Everyone probably has been told to relax their upper body and put strength into their lower body, but just thinking about this does not mean that we can relax our upper body. As we progress from large to small strikes, we slowly learn how to relax as we progress. Ijima Sensei stresses that it is important to balance the amount of power you use. He explains how to train in order to learn how to relax.
Recently, passing the eighth-dan examination has become extremely difficult, but Saito Yuichi successfully passed the exam this spring by overcoming this high hurdle. Saito stated that changing his approach in applying Seme was the key to his success. By thinking more logically and strategically instead of relying solely on intuition, he was able to identify openings in his opponent’s defenses. What is Saito’s approach to creating opportunities through Seme?
In preparation for the upcoming day of resuming training, here are some tips for a workout you can do at home. Professor Takahashi is a leading sports biomechanics expert and long-time All-Japan strength training coach. We asked the professor for a menu that can be started right away and is easy to follow. Let’s try to keep your body mobile with continued training that can be done easily in a confined space and will help prevent injuries when you resume Keiko, making it easier for you to get back to Kendo.
Suzuki Tsuyoshi has won the All Japan Kendo Championship title and currently mentors the next generation of practitioners in the Chiba Prefecture Police. He provided a clear explanation of the highly intricate technique known as Tame (roughly: build up). He stated, “To manifest Tame, one must enter into Aiki (a synchronous state with the opponent), and it is within this state of harmony that Tame creates opportunities for successful strikes.” In this article, Suzuki, an accomplished instructor, elaborates on the concept of Tame and the subsequent strikes which are followed through with (known as Uchikiri*).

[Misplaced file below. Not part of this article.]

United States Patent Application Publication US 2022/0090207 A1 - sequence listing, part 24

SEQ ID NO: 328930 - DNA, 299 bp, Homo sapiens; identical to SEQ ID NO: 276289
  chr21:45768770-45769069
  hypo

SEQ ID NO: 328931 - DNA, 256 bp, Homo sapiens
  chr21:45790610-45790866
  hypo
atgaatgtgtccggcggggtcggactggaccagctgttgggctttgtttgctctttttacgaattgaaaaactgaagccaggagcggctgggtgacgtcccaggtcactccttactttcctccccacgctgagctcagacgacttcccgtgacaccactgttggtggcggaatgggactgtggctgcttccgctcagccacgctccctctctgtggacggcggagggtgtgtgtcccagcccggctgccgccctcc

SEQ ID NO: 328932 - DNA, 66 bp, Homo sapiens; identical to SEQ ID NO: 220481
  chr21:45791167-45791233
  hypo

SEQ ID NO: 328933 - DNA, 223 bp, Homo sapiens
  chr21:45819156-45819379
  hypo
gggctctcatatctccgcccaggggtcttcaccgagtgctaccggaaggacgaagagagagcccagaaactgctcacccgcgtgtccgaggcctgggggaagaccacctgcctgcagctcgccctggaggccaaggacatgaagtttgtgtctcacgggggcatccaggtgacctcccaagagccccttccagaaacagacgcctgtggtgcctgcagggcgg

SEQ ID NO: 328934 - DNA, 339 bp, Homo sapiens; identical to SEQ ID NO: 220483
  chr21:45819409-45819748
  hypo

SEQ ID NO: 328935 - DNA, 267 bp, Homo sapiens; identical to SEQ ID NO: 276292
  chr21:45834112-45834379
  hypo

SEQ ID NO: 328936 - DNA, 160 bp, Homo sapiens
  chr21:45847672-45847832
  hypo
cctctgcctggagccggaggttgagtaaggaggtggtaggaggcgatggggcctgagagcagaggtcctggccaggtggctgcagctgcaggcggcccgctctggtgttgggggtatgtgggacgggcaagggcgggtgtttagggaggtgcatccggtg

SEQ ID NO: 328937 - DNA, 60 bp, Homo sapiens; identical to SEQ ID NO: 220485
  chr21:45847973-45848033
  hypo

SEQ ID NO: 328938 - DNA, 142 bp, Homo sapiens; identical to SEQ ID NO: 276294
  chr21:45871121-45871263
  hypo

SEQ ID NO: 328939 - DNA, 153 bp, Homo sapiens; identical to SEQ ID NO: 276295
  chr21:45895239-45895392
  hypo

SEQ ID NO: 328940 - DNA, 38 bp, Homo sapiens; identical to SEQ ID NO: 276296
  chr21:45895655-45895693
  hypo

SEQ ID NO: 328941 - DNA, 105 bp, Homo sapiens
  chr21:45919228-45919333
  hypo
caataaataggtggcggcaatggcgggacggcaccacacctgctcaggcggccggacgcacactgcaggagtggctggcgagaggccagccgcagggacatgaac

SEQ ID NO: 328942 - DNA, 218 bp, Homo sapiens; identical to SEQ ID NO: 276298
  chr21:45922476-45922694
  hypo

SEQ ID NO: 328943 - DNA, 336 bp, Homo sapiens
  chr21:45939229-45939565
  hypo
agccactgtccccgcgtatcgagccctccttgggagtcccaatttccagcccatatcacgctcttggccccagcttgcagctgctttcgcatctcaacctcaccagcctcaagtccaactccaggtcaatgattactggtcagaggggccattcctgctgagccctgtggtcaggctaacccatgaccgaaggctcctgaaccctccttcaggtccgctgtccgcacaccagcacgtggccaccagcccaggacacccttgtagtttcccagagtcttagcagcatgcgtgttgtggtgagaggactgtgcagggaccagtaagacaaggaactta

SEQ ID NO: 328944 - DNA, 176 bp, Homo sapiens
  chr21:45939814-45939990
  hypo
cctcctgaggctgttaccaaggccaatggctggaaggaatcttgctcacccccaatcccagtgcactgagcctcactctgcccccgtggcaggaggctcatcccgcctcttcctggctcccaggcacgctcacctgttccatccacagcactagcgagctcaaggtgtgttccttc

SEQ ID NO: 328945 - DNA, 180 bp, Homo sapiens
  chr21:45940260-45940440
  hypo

*Uchikiri refers to the noun; follow-through. Uchikiru is the verb; to follow through
Following the men’s representative training camp held earlier this year, the second strengthening training seminar for the women’s team this year took place at the Japan Budokan Training Center in Katsuura, Chiba Prefecture. A battle for the representative spots ensued, featuring a mix of veterans, mid-level, and young competitors. Who will ultimately secure the ten spots to fight for Japan?
The name Nabeyama Takahiro, the 8th Dan leader of the University of Tsukuba, is synonymous with a dynamic Men strike. He uses his left foot to allow him to strike at any moment. This preparation is the basis of his Seme and allows him to freely strike or counter his opponents.
Kiwada Daiki, Okido Satoru, Masuda Ryo. These three individuals who have represented Japan and are key competitors for the Osaka Prefectural Police, discussed the importance of footwork and the ideal footwork that suits them best.
The winner of the men’s individual competition was Lucas from France, who won for the second year in a row. His Men strike is impressive and beautiful. Even when he is behind on points, he seems to calmly come back. What kind of kendo career and mindset does he have? I asked him 14 questions about his Kendo life and the EKC. I hope that his words can be an inspiration and help kendo in Europe and around the world move forward.
From July 4th to July 7th in 2024, the 19th World Kendo Championships (WKC) will be held in Milan, Italy. As the tournament approaches, the selection process for the Japanese representative team has entered its final stage. We spoke with the delegation leader, head coach, coaches, and competitors about their aspirations for the upcoming WKC.